IDEAS home Printed from https://ideas.repec.org/a/taf/oxdevs/v31y2003i3p365-378.html
   My bibliography  Save this article

To Measure or Not To Measure Total Factor Productivity Growth?

Author

Listed:
  • Renuka Mahadevan

Abstract

To date, the concept, measurement and interpretation of total factor productivity (TFP) growth remains highly discussed but poorly understood. This paper attempts to provide a review of these issues. First, the definition of TFP growth and the related concepts of embodied and disembodied technical change are discussed. Second, a brief overview and critique of TFP growth measuring techniques is provided. Third, the debate surrounding the accounting identity underlying the estimation of a production function for TFP growth is highlighted. Fourth, the usefulness of TFP growth is evaluated (and maintained) in the light of the criticisms hurled at this measure. Finally, some direction for future work on TFP growth is suggested.

Suggested Citation

  • Renuka Mahadevan, 2003. "To Measure or Not To Measure Total Factor Productivity Growth?," Oxford Development Studies, Taylor & Francis Journals, vol. 31(3), pages 365-378.
  • Handle: RePEc:taf:oxdevs:v:31:y:2003:i:3:p:365-378
    DOI: 10.1080/1360081032000111742
    as

    Download full text from publisher

    File URL: http://www.tandfonline.com/doi/abs/10.1080/1360081032000111742
    Download Restriction: Access to full text is restricted to subscribers.

    As the access to this document is restricted, you may want to search for a different version of it.

    Citations

    Citations are extracted by the CitEc Project, subscribe to its RSS feed for this item.
    as


    Cited by:

    1. Miroslav Verbič & Boris Majcen & Olga Ivanova & Mitja Čok, 2011. "R&D and Economic Growth in Slovenia: A Dynamic General Equilibrium Approach with Endogenous Growth," Panoeconomicus, Savez ekonomista Vojvodine, Novi Sad, Serbia, vol. 58(1), pages 67-89, March.
    2. Md. Rabiul Islam, 2009. "R&D Intensity, Technology Transfer and Absorptive Capacity," Monash Economics Working Papers 13-09, Monash University, Department of Economics.
    3. Akinlo, Anthony Enisan, 2005. "Impact of Macroeconomic Factors on Total Factor Productivity in Sub-Saharan African Countries," WIDER Working Paper Series 039, World Institute for Development Economic Research (UNU-WIDER).
    4. Sangho Kim & Young Hoon Lee, 2006. "The productivity debate of East Asia revisited: a stochastic frontier approach," Applied Economics, Taylor & Francis Journals, vol. 38(14), pages 1697-1706.
    5. Aamer Abu-Qarn & Suleiman Abu-Bader, 2007. "Getting Income Shares Right: A Panel Data Investigation for OECD Countries," Working Papers 0701, Ben-Gurion University of the Negev, Department of Economics.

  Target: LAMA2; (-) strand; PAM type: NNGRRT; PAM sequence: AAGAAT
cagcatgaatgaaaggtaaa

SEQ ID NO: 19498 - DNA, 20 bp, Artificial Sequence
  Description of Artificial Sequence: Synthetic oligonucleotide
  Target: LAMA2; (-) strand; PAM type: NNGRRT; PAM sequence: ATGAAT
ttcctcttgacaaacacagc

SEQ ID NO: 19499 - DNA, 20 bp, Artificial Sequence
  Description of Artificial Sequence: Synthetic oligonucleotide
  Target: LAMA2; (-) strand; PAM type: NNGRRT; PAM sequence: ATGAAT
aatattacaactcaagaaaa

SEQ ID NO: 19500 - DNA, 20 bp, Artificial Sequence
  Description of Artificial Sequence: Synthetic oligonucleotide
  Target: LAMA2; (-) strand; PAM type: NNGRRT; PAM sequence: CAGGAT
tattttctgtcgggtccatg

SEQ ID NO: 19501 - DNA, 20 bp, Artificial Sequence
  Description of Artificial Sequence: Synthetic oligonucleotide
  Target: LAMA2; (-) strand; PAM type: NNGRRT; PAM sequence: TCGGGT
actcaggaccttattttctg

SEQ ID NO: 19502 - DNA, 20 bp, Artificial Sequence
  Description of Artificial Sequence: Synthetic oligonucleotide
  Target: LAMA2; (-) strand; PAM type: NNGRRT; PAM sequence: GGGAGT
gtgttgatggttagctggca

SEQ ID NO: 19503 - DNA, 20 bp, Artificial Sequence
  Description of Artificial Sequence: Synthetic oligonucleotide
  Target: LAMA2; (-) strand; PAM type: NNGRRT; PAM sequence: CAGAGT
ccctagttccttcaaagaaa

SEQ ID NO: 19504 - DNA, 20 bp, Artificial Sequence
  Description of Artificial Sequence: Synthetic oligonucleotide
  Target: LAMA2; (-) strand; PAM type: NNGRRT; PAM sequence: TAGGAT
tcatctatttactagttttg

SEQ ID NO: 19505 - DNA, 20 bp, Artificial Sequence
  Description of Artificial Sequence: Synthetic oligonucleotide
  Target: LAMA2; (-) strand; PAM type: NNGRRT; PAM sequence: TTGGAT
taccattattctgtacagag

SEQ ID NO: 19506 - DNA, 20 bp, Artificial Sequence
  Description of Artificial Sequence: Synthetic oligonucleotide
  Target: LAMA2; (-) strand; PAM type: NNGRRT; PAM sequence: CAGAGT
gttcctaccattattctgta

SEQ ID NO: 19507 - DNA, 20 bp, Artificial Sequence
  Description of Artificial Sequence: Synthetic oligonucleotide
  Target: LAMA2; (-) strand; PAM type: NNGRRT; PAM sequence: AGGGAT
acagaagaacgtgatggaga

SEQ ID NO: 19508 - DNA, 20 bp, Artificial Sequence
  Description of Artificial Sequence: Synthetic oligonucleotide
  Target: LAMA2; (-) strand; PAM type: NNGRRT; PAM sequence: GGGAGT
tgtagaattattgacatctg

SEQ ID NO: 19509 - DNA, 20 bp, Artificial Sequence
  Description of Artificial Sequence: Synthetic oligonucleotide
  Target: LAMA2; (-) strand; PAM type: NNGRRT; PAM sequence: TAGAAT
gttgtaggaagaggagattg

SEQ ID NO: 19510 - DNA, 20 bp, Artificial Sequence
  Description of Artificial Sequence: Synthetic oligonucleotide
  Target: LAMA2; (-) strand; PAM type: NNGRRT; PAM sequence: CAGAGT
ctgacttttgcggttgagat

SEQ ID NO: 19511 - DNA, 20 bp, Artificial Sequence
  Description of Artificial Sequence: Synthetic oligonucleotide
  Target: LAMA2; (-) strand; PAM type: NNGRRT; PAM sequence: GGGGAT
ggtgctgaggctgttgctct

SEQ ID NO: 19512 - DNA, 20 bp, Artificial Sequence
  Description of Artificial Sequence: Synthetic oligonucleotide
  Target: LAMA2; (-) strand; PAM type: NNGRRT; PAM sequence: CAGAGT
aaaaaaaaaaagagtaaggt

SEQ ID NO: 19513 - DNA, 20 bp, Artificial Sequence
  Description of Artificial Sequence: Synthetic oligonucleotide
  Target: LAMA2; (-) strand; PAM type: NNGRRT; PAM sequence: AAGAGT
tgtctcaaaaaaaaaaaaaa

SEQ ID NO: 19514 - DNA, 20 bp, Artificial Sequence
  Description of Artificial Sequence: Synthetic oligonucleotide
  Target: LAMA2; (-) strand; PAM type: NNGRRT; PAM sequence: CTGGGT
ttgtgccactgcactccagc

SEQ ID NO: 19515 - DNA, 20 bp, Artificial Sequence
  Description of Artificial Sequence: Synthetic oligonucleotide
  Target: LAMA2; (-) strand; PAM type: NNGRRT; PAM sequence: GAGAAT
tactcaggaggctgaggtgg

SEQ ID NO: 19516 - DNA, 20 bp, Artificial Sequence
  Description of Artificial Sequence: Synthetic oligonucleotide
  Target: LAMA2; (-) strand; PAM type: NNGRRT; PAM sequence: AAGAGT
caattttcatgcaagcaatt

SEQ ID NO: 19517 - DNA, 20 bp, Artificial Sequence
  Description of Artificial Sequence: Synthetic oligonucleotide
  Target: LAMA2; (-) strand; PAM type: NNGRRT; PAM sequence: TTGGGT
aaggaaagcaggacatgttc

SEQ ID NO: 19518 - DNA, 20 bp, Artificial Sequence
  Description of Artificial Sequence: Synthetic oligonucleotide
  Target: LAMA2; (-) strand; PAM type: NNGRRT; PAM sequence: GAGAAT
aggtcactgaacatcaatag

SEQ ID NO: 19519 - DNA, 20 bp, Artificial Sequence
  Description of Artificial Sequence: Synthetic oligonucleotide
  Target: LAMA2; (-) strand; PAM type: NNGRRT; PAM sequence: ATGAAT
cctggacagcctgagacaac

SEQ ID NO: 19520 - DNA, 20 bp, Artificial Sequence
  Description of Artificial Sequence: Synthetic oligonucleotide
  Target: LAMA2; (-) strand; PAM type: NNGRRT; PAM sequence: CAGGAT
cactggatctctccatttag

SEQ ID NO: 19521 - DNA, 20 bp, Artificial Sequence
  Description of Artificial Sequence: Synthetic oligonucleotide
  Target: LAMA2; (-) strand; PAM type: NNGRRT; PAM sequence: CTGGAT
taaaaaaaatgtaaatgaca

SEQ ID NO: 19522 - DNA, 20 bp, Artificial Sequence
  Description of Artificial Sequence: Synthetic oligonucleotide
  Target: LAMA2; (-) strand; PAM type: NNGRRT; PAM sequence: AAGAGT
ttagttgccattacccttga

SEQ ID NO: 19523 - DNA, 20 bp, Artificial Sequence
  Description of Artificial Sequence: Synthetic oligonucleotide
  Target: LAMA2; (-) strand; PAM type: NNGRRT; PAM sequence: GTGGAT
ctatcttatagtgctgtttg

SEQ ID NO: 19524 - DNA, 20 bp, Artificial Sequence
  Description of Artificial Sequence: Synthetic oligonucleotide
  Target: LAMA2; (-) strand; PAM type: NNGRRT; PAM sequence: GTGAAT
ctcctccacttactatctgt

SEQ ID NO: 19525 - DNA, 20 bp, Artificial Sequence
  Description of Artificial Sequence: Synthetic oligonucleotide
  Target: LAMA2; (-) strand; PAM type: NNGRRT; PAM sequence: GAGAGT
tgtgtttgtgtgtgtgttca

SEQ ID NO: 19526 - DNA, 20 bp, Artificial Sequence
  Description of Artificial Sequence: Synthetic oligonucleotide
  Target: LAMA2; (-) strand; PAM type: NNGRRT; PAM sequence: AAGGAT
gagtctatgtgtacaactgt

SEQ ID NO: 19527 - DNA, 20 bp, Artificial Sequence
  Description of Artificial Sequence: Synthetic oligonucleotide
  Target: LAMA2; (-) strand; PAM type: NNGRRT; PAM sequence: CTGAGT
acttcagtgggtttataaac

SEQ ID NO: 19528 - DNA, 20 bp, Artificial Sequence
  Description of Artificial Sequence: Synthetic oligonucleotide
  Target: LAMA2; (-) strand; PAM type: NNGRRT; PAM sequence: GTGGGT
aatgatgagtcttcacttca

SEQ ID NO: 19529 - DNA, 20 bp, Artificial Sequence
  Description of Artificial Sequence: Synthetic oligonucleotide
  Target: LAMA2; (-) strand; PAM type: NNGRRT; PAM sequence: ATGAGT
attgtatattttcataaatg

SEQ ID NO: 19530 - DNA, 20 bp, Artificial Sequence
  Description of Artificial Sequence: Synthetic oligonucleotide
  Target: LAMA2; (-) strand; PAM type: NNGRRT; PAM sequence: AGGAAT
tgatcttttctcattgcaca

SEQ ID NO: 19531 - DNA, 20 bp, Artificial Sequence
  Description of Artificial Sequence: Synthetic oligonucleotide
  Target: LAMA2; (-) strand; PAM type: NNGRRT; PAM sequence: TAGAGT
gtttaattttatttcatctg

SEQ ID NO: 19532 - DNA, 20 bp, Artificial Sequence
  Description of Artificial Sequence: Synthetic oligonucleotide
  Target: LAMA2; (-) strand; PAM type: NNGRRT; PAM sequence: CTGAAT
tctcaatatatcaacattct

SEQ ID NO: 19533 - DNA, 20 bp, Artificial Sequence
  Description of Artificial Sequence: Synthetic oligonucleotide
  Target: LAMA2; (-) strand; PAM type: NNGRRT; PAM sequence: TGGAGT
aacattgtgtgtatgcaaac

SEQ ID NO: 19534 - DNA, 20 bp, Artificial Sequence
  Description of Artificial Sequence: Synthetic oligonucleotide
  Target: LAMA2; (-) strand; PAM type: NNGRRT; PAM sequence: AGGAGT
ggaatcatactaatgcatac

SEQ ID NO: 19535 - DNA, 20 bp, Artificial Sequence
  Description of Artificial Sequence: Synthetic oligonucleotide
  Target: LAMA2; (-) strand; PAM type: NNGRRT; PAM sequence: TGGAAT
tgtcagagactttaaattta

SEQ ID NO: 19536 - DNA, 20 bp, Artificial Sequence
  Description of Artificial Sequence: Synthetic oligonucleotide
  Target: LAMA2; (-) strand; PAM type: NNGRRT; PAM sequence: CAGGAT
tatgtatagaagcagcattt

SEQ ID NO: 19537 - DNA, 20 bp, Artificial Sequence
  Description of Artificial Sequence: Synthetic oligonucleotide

6. Shao, Liuguo & He, Yingying & Feng, Chao & Zhang, Shijing, 2016. "An empirical analysis of total-factor productivity in 30 sub-sub-sectors of China's nonferrous metal industry," Resources Policy, Elsevier, vol. 50(C), pages 264-269.
    7. Chia-Hung Sun, 2005. "Productivity growth in East Asian manufacturing: a fading miracle or measurement problem?," Journal of International Development, John Wiley & Sons, Ltd., vol. 17(1), pages 1-19.
    8. Wu, Wei-Ming & Lin, Jenn-Rong, 2015. "Productivity growth, scale economies, ship size economies and technical progress for the container shipping industry in Taiwan," Transportation Research Part E: Logistics and Transportation Review, Elsevier, vol. 73(C), pages 1-16.

    More about this item

    Statistics

    Access and download statistics

    Corrections

    All material on this site has been provided by the respective publishers and authors. You can help correct errors and omissions. When requesting a correction, please mention this item's handle: RePEc:taf:oxdevs:v:31:y:2003:i:3:p:365-378. See general information about how to correct material in RePEc.

    For technical questions regarding this item, or to correct its authors, title, abstract, bibliographic or download information, contact: (Chris Longhurst). General contact details of provider: http://www.tandfonline.com/CODS20 .

    If you have authored this item and are not yet registered with RePEc, we encourage you to do it here. This allows to link your profile to this item. It also allows you to accept potential citations to this item that we are uncertain about.

    We have no references for this item. You can help adding them by using this form .

    If you know of missing items citing this one, you can help us creating those links by adding the relevant references in the same way as above, for each refering item. If you are a registered author of this item, you may also want to check the "citations" tab in your RePEc Author Service profile, as there may be some citations waiting for confirmation.

    Please note that corrections may take a couple of weeks to filter through the various RePEc services.

    IDEAS is a RePEc service hosted by the Research Division of the Federal Reserve Bank of St. Louis . RePEc uses bibliographic data supplied by the respective publishers.